Lesson 4

Welcome back to an exciting journey into the world of Java! Today's itinerary includes "Function Chaining", the practice of calling a function within another and handling multiple return values using Java's `Pair`

and `List`

classes. Picture nested matryoshka dolls and a multi-handled briefcase, and you'll grasp the concepts!

Let's demystify "Function Chaining". Have you ever prepared a cup of coffee? You sequentially boil water, brew coffee, and add cream. Now, imagine these steps as functions: `boilWater()`

, `brewCoffee()`

, and `addCream()`

. If we chain these functions together, we have our `prepareCoffee()`

function — an apt illustration of function chaining!

Take a look:

Java`1public static int doubleNumber(int number) { 2 return number * 2; // doubles the input 3} 4 5public static int addFive(int number) { 6 return number + 5; // adds 5 to the input 7} 8 9public static int doubleAndAddFive(int number) { 10 return addFive(doubleNumber(number)); // calls doubleNumber first, then addFive 11}`

In `doubleAndAddFive()`

, `doubleNumber()`

is called first, and then its result fuels `addFive()`

. That's function chaining!

Now, let's dip our toes into function chaining. Consider the task of finding the square root of the sum of two numbers. We call `sum()`

inside `sqrtOfSum()`

, feeding its result to `sqrt()`

.

Java`1public static void main(String[] args) { 2 System.out.println(sqrtOfSum(25, 25)); // prints the square root of the sum 3} 4 5static int sum(int a, int b) { 6 return a + b; // returns the sum 7} 8 9static double sqrt(int number) { 10 return Math.sqrt(number); // returns the square root 11} 12 13static double sqrtOfSum(int a, int b) { 14 return sqrt(sum(a, b)); // calls sum first, then sqrt 15}`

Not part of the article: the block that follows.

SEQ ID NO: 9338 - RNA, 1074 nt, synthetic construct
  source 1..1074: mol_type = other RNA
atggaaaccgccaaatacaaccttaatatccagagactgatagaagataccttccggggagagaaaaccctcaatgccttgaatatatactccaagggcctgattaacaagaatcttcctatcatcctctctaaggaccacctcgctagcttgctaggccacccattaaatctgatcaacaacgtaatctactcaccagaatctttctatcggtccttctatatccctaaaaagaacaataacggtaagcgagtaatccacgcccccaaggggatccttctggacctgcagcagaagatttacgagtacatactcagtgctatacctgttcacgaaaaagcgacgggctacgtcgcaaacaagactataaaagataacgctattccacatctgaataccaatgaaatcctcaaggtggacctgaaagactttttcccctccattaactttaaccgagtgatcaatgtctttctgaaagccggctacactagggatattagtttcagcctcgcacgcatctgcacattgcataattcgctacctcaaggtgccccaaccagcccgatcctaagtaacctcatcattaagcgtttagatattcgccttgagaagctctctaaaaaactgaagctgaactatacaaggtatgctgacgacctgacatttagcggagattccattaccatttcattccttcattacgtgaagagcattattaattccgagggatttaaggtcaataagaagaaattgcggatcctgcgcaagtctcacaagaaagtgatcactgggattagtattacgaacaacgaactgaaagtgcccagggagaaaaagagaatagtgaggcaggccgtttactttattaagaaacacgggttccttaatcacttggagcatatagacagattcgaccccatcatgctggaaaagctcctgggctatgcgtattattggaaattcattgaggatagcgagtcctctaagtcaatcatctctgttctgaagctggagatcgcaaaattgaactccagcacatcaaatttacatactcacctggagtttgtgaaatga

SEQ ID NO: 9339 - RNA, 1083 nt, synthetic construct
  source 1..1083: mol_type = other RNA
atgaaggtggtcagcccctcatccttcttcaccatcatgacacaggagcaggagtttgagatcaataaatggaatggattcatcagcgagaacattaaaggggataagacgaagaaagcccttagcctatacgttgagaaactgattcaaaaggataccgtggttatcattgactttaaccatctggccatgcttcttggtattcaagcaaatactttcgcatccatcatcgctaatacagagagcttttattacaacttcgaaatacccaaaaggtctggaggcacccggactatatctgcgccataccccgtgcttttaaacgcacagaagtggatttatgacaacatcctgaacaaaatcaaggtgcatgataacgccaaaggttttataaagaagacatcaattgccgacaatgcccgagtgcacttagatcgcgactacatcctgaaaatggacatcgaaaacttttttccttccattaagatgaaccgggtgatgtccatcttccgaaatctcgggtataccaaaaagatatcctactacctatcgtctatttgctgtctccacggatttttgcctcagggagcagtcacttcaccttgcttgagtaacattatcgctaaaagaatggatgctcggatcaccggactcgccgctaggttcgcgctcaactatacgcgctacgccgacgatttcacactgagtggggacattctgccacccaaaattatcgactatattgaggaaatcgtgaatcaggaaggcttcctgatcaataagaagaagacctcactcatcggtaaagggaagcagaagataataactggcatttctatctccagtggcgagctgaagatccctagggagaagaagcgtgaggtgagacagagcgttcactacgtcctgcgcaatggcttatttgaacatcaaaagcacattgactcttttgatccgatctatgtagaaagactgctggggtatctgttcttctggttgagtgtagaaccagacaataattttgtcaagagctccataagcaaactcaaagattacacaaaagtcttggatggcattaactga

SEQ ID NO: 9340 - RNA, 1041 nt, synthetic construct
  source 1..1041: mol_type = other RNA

Consider this scenario: a board game where `throwDice()`

simulates the throw of two dice and returns both results. But how do you return both values from the function? This is where **Java's List class** saves the day!

You can just return a `List`

from the function, and it can handle any number of values in it. Let's see on example:

Java`1import java.util.*; 2 3static List<Integer> throwDice() { 4 Random rand = new Random(); 5 return Arrays.asList(rand.nextInt(6) + 1, rand.nextInt(6) + 1); // returns a list of two element the dice throws 6}`

Here, we created an `ArrayList`

of two elements and provided it as a return value - easy and simple! You can access returned elements using the `ArrayList::get`

method after that.

Congratulations! You've delved into function chaining and learned how to handle multiple return values using the `Pair`

and the `List`

classes. Now, get ready for some fun practice exercises to reinforce your knowledge. Onwards, brave coder!